In an age of worship confusion, this is a text we need to hear. But even more than the current worship problems that inflict evangelicalism, worship is why we were created. Psalm 2:11 is a call to give to God what is due him. A.W. Tozer defined worship this way: “To worship is to feel in the heart and express in some appropriate manner…a humbling but delightful sense of admiring awe and astonished wonder and overwhelming love in the presence of that most ancient mystery, that unspeakable majesty, which philosophers have called the mysterium tremendum, but which the prophets call the Lord our God.” Worship is the most important activity in the universe.
The focus throughout these chapters is on the people as they get to work on the sanctuary. We will pay special attention to how the Scriptures present Israel in these chapters. As you consider look at Israel’s example, you should ask yourself a question. If Israel is acting thus about the Tabernacle which pointed to Christ, how much more should these things be true of me, a follower of Christ himself? How should God’s people respond to his grace?
Worship is vital in Yahweh’s covenant with Israel. There is nothing more important than God. There is no being higher than God. There is no one more deserving of worship than the one true God. For these reasons, God surrounds all of Israel’s life in covenant community with the priority of worship. In Ex 23, we see how central worship is in God’s covenant with Israel. Israel is not a secular nation. She is a sacred nation, a kingdom of priests, and God demands not only her obedience, but her worship. This text from the old covenant teaches us how essential worship is for man.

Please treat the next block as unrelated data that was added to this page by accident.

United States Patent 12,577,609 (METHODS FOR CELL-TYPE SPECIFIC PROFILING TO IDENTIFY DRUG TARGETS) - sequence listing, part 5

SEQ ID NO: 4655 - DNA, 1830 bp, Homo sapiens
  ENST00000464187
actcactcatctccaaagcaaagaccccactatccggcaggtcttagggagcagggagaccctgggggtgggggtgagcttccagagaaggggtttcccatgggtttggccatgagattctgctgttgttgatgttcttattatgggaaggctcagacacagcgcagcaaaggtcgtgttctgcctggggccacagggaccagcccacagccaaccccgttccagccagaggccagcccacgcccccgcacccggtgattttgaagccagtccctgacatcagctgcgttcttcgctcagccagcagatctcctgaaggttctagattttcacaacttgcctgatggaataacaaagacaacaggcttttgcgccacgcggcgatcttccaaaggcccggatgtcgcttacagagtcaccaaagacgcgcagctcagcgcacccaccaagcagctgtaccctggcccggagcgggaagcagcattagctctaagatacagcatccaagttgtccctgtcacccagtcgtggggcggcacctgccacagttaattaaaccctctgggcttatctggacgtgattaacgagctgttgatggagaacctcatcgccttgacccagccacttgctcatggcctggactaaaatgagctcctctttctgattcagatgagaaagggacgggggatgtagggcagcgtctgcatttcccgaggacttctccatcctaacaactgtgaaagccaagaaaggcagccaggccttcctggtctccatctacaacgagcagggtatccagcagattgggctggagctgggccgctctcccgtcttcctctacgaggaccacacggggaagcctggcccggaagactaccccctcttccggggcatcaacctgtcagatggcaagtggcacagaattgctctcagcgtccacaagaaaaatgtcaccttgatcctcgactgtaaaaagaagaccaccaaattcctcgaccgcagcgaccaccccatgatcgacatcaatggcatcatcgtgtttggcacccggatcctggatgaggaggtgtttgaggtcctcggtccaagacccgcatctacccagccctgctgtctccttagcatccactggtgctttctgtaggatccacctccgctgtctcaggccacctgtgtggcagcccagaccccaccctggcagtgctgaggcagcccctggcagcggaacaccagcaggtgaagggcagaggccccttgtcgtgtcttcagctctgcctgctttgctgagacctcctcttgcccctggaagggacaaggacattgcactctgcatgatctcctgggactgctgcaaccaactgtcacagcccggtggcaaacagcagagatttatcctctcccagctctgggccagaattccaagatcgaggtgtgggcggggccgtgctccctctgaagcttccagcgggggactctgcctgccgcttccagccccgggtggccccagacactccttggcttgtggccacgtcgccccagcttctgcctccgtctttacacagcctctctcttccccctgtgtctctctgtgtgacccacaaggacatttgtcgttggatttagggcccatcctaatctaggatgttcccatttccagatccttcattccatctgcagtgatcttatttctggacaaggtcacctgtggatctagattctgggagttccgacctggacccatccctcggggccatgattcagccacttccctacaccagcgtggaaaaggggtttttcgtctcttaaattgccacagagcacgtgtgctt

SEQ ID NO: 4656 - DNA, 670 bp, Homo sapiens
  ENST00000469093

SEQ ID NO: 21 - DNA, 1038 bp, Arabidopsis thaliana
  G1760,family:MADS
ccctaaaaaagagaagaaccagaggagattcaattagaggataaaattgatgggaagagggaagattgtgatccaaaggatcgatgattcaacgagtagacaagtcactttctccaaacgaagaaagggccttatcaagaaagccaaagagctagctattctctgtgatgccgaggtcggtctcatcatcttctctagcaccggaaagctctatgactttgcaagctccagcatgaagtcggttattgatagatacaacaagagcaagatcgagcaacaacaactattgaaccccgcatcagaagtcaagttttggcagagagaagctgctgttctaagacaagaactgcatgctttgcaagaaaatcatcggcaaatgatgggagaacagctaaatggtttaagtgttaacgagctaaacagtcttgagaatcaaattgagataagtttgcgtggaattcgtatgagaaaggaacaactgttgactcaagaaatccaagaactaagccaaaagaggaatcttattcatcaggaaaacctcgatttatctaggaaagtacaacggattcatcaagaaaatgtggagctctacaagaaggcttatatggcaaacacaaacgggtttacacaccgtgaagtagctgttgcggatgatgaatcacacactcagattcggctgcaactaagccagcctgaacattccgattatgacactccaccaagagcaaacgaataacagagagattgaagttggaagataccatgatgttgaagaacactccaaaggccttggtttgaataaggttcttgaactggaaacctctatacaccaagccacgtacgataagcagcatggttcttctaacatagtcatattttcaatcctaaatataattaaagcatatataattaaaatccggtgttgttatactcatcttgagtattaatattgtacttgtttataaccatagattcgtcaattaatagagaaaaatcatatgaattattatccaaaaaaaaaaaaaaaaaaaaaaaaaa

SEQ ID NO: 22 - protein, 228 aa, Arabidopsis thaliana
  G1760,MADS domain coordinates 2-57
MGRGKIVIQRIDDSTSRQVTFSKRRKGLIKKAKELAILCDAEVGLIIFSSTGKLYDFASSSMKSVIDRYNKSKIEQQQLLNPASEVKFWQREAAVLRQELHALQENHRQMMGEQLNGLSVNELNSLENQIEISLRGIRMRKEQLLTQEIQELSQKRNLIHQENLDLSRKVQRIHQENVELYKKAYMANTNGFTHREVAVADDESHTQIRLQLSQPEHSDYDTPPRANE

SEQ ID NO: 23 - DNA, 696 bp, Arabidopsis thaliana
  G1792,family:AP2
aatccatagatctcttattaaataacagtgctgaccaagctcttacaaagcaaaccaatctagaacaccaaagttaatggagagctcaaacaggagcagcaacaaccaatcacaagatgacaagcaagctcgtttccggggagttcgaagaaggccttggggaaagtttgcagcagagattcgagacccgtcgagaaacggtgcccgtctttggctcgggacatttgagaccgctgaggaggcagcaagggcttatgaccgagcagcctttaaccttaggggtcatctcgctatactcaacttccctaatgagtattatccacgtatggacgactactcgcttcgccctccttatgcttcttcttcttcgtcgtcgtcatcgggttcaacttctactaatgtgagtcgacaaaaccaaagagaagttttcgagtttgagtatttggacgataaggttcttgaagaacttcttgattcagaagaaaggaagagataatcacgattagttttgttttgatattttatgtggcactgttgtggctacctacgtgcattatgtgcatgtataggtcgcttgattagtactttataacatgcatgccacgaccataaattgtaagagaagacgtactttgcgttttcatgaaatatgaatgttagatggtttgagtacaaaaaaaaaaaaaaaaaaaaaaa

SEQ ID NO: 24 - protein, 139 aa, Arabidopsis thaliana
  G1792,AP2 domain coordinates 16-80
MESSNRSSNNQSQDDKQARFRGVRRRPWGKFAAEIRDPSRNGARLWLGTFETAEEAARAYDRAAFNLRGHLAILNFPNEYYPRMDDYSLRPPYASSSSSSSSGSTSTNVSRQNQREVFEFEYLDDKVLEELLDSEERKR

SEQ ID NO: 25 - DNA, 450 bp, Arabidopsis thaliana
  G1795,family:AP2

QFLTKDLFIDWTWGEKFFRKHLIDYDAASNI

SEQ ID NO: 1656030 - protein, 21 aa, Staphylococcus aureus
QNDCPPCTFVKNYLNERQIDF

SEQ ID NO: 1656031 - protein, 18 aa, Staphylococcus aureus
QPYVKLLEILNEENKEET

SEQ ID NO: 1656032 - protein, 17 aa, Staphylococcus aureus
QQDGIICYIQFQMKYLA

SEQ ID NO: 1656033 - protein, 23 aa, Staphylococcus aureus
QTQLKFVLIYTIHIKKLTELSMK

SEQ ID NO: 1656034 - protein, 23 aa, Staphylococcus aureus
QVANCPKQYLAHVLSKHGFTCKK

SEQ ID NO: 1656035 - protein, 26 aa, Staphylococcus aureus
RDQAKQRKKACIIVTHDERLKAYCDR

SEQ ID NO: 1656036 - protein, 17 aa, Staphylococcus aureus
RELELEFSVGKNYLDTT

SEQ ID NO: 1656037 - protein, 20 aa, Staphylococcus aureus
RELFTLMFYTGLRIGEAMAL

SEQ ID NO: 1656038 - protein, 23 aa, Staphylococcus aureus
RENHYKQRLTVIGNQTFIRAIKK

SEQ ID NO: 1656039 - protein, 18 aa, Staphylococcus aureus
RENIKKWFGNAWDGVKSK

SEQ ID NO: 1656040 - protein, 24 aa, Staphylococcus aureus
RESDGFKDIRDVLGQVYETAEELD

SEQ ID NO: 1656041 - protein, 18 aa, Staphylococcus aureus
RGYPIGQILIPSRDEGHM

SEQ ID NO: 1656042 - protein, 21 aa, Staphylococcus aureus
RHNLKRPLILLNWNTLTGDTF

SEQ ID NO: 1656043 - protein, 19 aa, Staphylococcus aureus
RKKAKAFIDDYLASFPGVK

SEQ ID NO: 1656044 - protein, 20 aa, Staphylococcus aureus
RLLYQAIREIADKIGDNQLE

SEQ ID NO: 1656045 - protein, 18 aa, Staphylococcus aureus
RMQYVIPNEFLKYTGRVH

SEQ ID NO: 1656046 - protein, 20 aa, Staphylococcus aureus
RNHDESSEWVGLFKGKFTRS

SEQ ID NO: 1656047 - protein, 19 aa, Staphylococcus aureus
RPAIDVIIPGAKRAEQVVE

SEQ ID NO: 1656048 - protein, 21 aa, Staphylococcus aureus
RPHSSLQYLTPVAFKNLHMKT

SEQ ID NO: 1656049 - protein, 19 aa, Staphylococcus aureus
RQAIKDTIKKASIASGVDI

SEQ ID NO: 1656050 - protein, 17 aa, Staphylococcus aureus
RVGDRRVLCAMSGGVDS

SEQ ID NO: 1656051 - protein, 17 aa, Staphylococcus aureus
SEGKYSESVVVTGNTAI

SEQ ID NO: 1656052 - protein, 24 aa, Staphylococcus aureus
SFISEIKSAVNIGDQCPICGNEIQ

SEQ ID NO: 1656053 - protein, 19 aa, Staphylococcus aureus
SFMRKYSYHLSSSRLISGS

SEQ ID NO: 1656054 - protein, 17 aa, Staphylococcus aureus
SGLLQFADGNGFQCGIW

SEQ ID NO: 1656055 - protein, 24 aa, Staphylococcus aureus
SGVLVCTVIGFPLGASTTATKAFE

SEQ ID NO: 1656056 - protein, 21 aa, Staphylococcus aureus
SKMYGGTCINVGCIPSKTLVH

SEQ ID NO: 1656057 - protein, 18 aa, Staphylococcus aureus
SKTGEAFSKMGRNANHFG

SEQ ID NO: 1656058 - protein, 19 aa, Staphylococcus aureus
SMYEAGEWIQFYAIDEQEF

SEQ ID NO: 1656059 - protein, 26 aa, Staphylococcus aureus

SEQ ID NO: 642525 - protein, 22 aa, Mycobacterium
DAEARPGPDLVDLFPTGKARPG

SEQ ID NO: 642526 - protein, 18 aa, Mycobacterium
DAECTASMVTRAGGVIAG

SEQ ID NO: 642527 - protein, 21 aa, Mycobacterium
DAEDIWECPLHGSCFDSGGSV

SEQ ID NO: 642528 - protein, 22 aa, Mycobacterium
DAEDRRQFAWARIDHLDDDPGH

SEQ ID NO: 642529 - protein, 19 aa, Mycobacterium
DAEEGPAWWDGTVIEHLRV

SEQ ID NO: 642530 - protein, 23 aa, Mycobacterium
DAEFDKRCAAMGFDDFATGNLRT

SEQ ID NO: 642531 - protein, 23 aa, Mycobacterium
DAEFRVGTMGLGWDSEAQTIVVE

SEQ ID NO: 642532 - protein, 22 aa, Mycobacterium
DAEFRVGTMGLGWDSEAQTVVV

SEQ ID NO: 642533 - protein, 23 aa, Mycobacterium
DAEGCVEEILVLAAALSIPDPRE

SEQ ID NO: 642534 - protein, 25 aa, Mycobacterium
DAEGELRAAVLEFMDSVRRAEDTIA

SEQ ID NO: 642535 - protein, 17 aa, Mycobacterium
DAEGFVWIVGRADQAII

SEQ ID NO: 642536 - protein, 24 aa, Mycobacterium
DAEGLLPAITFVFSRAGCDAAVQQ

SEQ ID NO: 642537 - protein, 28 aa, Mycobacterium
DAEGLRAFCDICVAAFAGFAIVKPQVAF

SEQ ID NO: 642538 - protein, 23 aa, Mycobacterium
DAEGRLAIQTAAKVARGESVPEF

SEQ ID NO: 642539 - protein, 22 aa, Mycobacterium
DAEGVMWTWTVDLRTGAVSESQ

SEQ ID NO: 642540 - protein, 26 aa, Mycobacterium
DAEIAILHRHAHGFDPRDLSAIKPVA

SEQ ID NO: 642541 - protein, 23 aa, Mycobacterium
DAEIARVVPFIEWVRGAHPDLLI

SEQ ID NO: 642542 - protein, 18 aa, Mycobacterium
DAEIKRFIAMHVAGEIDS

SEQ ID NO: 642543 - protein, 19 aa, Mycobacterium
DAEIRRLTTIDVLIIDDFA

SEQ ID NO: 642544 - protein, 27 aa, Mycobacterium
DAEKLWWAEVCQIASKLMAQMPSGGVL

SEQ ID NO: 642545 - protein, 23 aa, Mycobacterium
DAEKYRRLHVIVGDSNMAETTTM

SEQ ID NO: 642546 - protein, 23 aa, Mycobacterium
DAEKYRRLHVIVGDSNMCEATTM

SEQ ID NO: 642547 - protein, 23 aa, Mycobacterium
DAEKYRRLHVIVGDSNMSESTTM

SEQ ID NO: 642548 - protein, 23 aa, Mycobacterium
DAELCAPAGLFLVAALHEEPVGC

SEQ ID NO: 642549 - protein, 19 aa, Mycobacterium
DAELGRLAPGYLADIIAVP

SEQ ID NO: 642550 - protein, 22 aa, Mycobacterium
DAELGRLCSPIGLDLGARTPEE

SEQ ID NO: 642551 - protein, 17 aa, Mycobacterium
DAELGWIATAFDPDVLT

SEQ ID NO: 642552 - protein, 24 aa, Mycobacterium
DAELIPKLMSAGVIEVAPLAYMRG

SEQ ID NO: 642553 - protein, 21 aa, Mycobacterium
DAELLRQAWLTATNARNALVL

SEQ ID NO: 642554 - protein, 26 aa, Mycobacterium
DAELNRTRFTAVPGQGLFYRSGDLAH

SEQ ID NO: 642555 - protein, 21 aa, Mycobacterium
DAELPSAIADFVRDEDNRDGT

Today, we consider the 4th commandment. In the NT era, this is one of the most controversial commands. Someone’s approach to the 4th commandment often indicates how he understands the relationship of the OT law to the church.
The rest of Exodus 16 deals with the institution of a pre-Sinai Sabbath and the people’s response to this. I believe that the same theme of first half of the chapter can be easily brought over and extended into the focus on the manna and Sabbath. That is, we still learn here that true saints believe that God alone can satisfy their greatest desires.